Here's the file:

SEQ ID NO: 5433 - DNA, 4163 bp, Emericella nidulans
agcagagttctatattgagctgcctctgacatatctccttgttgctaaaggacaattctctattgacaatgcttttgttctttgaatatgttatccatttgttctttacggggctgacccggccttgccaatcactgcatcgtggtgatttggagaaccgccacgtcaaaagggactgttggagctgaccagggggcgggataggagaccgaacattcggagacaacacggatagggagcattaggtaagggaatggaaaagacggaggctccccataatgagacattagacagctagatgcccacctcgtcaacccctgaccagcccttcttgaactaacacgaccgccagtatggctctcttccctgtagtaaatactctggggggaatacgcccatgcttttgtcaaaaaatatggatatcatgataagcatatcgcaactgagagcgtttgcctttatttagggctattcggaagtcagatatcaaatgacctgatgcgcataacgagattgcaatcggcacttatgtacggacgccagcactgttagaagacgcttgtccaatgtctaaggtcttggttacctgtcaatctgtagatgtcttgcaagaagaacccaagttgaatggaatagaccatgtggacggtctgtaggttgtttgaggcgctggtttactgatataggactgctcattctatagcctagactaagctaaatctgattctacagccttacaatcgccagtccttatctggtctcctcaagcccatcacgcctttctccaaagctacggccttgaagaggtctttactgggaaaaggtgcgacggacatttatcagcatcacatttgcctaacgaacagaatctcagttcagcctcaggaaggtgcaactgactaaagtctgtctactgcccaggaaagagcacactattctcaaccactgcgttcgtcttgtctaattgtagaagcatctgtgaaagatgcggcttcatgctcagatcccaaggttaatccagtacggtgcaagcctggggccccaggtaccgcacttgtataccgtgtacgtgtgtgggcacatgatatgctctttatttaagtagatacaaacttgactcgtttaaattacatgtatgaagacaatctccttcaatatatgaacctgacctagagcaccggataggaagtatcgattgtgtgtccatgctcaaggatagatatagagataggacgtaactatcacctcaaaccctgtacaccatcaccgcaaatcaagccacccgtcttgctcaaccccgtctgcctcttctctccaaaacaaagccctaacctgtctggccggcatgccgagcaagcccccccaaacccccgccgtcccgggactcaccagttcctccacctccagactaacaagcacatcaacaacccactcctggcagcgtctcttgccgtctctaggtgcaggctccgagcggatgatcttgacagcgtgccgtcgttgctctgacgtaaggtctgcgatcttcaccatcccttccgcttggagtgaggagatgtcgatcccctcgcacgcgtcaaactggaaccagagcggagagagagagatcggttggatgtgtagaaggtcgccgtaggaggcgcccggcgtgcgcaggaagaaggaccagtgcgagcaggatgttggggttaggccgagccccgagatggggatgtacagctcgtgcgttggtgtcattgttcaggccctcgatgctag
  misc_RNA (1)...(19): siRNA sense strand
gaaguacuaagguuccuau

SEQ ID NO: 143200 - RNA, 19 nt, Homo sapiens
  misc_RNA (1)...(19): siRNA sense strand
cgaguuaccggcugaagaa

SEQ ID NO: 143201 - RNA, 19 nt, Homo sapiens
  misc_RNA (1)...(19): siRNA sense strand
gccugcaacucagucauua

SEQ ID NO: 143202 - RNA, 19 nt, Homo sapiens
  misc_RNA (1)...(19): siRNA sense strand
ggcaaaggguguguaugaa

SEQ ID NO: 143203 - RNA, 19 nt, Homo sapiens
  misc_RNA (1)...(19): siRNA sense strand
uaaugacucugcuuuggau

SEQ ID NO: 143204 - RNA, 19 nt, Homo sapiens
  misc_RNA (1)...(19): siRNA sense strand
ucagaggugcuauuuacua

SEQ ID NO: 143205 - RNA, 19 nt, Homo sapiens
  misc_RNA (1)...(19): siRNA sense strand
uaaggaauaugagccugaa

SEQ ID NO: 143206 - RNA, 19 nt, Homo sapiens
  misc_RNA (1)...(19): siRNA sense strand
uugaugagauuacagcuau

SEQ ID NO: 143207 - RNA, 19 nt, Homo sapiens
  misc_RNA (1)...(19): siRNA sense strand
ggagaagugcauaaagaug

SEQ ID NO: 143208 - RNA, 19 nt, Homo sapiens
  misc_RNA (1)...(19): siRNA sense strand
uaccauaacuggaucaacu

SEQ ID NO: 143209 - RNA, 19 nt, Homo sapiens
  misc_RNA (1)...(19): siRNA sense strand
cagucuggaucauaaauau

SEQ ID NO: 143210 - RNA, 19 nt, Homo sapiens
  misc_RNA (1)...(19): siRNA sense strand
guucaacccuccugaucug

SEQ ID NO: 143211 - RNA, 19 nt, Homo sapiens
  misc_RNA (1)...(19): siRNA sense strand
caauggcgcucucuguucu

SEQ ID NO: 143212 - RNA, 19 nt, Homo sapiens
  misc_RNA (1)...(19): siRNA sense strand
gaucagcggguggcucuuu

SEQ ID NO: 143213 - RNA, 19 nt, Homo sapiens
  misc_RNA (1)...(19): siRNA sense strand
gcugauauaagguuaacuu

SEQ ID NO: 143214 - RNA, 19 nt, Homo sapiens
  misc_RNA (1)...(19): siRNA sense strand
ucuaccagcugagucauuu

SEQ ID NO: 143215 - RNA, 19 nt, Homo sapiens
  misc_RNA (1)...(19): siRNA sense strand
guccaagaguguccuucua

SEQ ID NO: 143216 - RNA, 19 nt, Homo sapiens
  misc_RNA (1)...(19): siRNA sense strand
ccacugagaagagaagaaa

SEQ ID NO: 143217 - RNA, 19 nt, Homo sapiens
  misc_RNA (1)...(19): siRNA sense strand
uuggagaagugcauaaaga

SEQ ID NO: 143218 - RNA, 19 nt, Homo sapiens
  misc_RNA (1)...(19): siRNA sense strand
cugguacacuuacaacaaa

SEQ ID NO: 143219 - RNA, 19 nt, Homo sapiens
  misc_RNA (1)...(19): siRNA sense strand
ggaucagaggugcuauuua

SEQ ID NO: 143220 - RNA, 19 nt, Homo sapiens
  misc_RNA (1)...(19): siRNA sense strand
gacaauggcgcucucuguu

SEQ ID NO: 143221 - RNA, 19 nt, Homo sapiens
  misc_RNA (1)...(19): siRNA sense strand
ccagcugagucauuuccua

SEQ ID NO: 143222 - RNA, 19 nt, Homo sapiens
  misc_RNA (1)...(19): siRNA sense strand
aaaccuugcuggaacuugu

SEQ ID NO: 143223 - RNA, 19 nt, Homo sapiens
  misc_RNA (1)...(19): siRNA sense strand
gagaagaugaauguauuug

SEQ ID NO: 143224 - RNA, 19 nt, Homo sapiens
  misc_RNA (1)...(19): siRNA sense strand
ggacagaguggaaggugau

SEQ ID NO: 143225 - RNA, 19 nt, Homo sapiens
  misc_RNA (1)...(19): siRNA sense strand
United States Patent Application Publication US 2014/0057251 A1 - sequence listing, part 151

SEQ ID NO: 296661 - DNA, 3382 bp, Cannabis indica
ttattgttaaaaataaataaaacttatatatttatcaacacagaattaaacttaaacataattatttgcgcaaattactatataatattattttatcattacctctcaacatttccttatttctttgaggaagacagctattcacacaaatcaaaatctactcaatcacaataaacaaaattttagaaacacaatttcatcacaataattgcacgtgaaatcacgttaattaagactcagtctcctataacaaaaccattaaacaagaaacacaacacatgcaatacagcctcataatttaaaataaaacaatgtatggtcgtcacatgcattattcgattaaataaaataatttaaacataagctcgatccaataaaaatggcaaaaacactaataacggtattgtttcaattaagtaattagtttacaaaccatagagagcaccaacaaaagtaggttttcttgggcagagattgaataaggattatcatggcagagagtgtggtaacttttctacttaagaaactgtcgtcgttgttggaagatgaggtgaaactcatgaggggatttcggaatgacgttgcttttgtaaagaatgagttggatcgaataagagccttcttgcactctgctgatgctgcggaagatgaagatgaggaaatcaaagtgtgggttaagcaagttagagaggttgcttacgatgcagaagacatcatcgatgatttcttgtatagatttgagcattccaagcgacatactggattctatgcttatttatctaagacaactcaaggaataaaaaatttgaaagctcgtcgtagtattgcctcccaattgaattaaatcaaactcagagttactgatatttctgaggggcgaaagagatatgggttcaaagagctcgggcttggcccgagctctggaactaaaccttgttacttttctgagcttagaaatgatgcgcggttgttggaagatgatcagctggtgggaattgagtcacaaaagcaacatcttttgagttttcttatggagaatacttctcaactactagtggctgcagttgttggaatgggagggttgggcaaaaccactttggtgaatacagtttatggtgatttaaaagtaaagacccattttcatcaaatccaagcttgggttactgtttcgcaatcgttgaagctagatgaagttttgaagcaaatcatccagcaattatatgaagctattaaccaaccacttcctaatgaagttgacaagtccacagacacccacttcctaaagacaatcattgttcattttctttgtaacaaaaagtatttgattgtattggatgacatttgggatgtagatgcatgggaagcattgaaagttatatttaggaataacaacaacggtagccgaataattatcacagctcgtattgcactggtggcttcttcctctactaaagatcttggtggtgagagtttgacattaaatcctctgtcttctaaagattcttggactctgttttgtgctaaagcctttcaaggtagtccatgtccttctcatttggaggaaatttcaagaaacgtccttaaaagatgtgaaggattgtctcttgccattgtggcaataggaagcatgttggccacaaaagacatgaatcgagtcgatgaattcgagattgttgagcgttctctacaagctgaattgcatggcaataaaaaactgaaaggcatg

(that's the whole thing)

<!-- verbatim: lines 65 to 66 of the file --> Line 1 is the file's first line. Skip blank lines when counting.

SEQ ID NO: 143220 - RNA, 19 nt, Homo sapiens
  misc_RNA (1)...(19): siRNA sense strand